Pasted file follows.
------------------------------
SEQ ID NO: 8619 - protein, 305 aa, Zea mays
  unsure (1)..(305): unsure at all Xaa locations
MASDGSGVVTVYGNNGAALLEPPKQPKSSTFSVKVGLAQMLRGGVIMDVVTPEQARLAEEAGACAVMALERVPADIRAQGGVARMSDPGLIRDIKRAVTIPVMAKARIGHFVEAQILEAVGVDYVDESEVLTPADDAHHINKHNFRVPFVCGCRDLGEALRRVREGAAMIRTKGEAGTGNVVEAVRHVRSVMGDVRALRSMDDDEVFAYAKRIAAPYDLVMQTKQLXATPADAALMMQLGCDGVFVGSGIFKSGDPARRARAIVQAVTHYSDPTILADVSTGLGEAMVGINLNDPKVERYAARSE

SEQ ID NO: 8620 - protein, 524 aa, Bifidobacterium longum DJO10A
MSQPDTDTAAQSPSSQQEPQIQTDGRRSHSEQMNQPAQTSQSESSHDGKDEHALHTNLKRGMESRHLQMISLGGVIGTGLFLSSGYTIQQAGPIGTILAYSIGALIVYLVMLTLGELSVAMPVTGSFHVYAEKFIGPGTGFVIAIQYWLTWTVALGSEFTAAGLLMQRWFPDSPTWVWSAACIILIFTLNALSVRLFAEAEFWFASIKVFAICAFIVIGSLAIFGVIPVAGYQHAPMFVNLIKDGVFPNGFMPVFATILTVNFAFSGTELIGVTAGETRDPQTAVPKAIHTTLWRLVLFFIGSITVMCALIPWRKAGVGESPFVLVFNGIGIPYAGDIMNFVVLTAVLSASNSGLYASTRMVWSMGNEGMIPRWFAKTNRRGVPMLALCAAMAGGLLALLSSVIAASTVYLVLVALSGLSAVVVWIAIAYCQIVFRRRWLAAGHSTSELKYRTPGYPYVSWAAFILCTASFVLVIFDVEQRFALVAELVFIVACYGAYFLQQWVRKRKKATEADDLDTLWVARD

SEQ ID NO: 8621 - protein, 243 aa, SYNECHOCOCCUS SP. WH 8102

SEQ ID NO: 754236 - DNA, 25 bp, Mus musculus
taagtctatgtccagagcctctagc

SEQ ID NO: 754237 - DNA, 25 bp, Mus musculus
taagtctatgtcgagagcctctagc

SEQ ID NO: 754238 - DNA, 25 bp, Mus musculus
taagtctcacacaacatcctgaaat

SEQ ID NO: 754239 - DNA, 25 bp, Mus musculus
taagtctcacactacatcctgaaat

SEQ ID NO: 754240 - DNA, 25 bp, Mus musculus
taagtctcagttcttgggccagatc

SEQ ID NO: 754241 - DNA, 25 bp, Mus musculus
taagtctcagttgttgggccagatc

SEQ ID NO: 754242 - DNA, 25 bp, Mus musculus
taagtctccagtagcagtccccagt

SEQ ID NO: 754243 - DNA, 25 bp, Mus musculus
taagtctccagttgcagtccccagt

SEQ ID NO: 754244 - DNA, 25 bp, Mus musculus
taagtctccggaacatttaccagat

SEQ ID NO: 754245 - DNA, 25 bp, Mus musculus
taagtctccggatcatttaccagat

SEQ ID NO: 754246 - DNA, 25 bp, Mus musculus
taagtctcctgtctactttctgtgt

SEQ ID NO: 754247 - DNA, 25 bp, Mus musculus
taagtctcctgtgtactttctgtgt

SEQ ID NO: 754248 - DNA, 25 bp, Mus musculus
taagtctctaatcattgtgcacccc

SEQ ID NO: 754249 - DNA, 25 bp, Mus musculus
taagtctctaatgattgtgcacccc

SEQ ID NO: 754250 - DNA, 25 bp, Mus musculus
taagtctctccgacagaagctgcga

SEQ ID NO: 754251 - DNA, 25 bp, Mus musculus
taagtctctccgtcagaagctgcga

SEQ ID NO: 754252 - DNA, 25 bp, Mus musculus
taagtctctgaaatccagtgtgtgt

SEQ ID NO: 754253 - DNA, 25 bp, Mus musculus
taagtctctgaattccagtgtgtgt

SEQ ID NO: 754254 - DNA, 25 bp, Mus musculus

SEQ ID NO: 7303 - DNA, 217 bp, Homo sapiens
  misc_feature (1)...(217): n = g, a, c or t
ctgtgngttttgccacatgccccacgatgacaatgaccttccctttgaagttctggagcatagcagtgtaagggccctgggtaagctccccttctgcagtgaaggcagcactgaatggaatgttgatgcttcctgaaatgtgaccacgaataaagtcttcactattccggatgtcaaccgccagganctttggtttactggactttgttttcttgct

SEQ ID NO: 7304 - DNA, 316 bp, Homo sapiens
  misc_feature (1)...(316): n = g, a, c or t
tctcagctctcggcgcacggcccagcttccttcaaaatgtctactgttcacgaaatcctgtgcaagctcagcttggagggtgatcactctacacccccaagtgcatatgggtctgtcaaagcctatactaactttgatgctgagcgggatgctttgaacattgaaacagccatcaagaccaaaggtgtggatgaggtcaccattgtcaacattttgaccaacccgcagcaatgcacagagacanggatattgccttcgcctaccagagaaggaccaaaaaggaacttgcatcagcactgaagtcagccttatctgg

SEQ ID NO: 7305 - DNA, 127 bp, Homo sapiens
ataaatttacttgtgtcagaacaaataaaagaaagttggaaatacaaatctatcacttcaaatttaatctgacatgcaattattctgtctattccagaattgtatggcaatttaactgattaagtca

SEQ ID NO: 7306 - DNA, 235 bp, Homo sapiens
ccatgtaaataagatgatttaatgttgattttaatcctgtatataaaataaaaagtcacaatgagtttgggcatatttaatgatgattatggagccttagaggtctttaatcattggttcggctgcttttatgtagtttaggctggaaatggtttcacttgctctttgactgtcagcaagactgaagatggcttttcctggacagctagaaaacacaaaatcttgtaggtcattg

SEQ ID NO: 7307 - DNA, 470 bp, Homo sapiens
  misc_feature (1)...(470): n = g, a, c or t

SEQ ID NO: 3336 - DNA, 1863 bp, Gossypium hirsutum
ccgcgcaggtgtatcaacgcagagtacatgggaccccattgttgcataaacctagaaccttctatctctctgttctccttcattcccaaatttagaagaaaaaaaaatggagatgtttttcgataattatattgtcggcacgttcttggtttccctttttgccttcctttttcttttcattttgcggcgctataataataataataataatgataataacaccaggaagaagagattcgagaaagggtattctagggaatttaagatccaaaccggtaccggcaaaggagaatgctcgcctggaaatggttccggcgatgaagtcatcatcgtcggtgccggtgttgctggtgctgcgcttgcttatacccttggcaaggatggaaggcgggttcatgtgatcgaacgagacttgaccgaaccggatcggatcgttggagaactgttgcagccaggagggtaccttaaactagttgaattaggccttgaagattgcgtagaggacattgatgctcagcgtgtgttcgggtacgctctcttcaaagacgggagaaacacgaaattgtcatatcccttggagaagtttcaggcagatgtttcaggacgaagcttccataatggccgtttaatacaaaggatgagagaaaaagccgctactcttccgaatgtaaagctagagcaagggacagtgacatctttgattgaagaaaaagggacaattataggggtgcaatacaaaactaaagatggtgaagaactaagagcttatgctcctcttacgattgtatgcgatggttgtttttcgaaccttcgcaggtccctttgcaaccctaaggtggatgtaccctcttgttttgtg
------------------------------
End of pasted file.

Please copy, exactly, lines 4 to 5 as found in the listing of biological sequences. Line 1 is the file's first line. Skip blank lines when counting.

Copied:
SEQ ID NO: 8620 - protein, 524 aa, Bifidobacterium longum DJO10A
MSQPDTDTAAQSPSSQQEPQIQTDGRRSHSEQMNQPAQTSQSESSHDGKDEHALHTNLKRGMESRHLQMISLGGVIGTGLFLSSGYTIQQAGPIGTILAYSIGALIVYLVMLTLGELSVAMPVTGSFHVYAEKFIGPGTGFVIAIQYWLTWTVALGSEFTAAGLLMQRWFPDSPTWVWSAACIILIFTLNALSVRLFAEAEFWFASIKVFAICAFIVIGSLAIFGVIPVAGYQHAPMFVNLIKDGVFPNGFMPVFATILTVNFAFSGTELIGVTAGETRDPQTAVPKAIHTTLWRLVLFFIGSITVMCALIPWRKAGVGESPFVLVFNGIGIPYAGDIMNFVVLTAVLSASNSGLYASTRMVWSMGNEGMIPRWFAKTNRRGVPMLALCAAMAGGLLALLSSVIAASTVYLVLVALSGLSAVVVWIAIAYCQIVFRRRWLAAGHSTSELKYRTPGYPYVSWAAFILCTASFVLVIFDVEQRFALVAELVFIVACYGAYFLQQWVRKRKKATEADDLDTLWVARD